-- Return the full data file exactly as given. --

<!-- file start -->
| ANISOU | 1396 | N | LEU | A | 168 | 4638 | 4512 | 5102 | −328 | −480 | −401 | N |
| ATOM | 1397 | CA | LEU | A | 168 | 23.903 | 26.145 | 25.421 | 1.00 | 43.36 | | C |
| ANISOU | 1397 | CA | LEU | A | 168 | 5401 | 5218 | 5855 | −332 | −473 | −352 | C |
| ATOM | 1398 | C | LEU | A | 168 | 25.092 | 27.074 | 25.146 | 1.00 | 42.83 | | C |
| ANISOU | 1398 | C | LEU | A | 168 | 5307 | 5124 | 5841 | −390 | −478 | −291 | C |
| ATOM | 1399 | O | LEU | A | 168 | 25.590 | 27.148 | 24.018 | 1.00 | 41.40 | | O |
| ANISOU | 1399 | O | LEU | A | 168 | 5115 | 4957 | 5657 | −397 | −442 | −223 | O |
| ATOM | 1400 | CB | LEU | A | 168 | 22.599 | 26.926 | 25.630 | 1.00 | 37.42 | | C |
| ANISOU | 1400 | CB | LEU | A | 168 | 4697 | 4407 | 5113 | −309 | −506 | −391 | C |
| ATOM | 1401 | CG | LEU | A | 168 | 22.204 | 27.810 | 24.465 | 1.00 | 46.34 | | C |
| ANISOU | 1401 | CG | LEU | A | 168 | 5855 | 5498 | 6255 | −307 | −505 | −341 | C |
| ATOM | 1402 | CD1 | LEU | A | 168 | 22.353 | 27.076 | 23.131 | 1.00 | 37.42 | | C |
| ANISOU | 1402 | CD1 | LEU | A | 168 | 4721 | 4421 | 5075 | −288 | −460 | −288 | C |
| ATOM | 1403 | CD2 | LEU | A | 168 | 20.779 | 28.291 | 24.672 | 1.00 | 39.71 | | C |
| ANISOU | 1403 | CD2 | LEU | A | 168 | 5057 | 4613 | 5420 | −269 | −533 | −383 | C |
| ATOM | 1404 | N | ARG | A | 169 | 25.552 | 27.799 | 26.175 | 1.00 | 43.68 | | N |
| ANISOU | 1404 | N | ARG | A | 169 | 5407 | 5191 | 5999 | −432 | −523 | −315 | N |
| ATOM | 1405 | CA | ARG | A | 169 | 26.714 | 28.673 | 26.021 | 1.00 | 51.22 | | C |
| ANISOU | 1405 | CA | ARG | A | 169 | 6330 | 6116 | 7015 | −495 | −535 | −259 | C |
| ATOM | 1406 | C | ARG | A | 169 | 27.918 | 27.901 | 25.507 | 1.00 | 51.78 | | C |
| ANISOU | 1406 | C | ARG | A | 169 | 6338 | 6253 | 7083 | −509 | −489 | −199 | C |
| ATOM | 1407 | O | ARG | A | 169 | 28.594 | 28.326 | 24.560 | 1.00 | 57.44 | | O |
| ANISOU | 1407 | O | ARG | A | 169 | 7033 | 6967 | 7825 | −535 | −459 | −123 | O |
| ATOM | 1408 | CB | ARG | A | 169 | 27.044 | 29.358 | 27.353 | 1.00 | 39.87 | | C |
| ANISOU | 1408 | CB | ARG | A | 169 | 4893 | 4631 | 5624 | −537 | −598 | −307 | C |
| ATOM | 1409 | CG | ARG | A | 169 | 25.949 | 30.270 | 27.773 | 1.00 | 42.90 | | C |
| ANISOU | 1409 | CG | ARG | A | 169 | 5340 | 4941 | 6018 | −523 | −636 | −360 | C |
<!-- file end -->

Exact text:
| ANISOU | 1396 | N | LEU | A | 168 | 4638 | 4512 | 5102 | −328 | −480 | −401 | N |
| ATOM | 1397 | CA | LEU | A | 168 | 23.903 | 26.145 | 25.421 | 1.00 | 43.36 | | C |
| ANISOU | 1397 | CA | LEU | A | 168 | 5401 | 5218 | 5855 | −332 | −473 | −352 | C |
| ATOM | 1398 | C | LEU | A | 168 | 25.092 | 27.074 | 25.146 | 1.00 | 42.83 | | C |
| ANISOU | 1398 | C | LEU | A | 168 | 5307 | 5124 | 5841 | −390 | −478 | −291 | C |
| ATOM | 1399 | O | LEU | A | 168 | 25.590 | 27.148 | 24.018 | 1.00 | 41.40 | | O |
| ANISOU | 1399 | O | LEU | A | 168 | 5115 | 4957 | 5657 | −397 | −442 | −223 | O |
| ATOM | 1400 | CB | LEU | A | 168 | 22.599 | 26.926 | 25.630 | 1.00 | 37.42 | | C |
| ANISOU | 1400 | CB | LEU | A | 168 | 4697 | 4407 | 5113 | −309 | −506 | −391 | C |
| ATOM | 1401 | CG | LEU | A | 168 | 22.204 | 27.810 | 24.465 | 1.00 | 46.34 | | C |
| ANISOU | 1401 | CG | LEU | A | 168 | 5855 | 5498 | 6255 | −307 | −505 | −341 | C |
| ATOM | 1402 | CD1 | LEU | A | 168 | 22.353 | 27.076 | 23.131 | 1.00 | 37.42 | | C |
| ANISOU | 1402 | CD1 | LEU | A | 168 | 4721 | 4421 | 5075 | −288 | −460 | −288 | C |
| ATOM | 1403 | CD2 | LEU | A | 168 | 20.779 | 28.291 | 24.672 | 1.00 | 39.71 | | C |
| ANISOU | 1403 | CD2 | LEU | A | 168 | 5057 | 4613 | 5420 | −269 | −533 | −383 | C |
| ATOM | 1404 | N | ARG | A | 169 | 25.552 | 27.799 | 26.175 | 1.00 | 43.68 | | N |
| ANISOU | 1404 | N | ARG | A | 169 | 5407 | 5191 | 5999 | −432 | −523 | −315 | N |
| ATOM | 1405 | CA | ARG | A | 169 | 26.714 | 28.673 | 26.021 | 1.00 | 51.22 | | C |
| ANISOU | 1405 | CA | ARG | A | 169 | 6330 | 6116 | 7015 | −495 | −535 | −259 | C |
| ATOM | 1406 | C | ARG | A | 169 | 27.918 | 27.901 | 25.507 | 1.00 | 51.78 | | C |
| ANISOU | 1406 | C | ARG | A | 169 | 6338 | 6253 | 7083 | −509 | −489 | −199 | C |
| ATOM | 1407 | O | ARG | A | 169 | 28.594 | 28.326 | 24.560 | 1.00 | 57.44 | | O |
| ANISOU | 1407 | O | ARG | A | 169 | 7033 | 6967 | 7825 | −535 | −459 | −123 | O |
| ATOM | 1408 | CB | ARG | A | 169 | 27.044 | 29.358 | 27.353 | 1.00 | 39.87 | | C |
| ANISOU | 1408 | CB | ARG | A | 169 | 4893 | 4631 | 5624 | −537 | −598 | −307 | C |
| ATOM | 1409 | CG | ARG | A | 169 | 25.949 | 30.270 | 27.773 | 1.00 | 42.90 | | C |
| ANISOU | 1409 | CG | ARG | A | 169 | 5340 | 4941 | 6018 | −523 | −636 | −360 | C |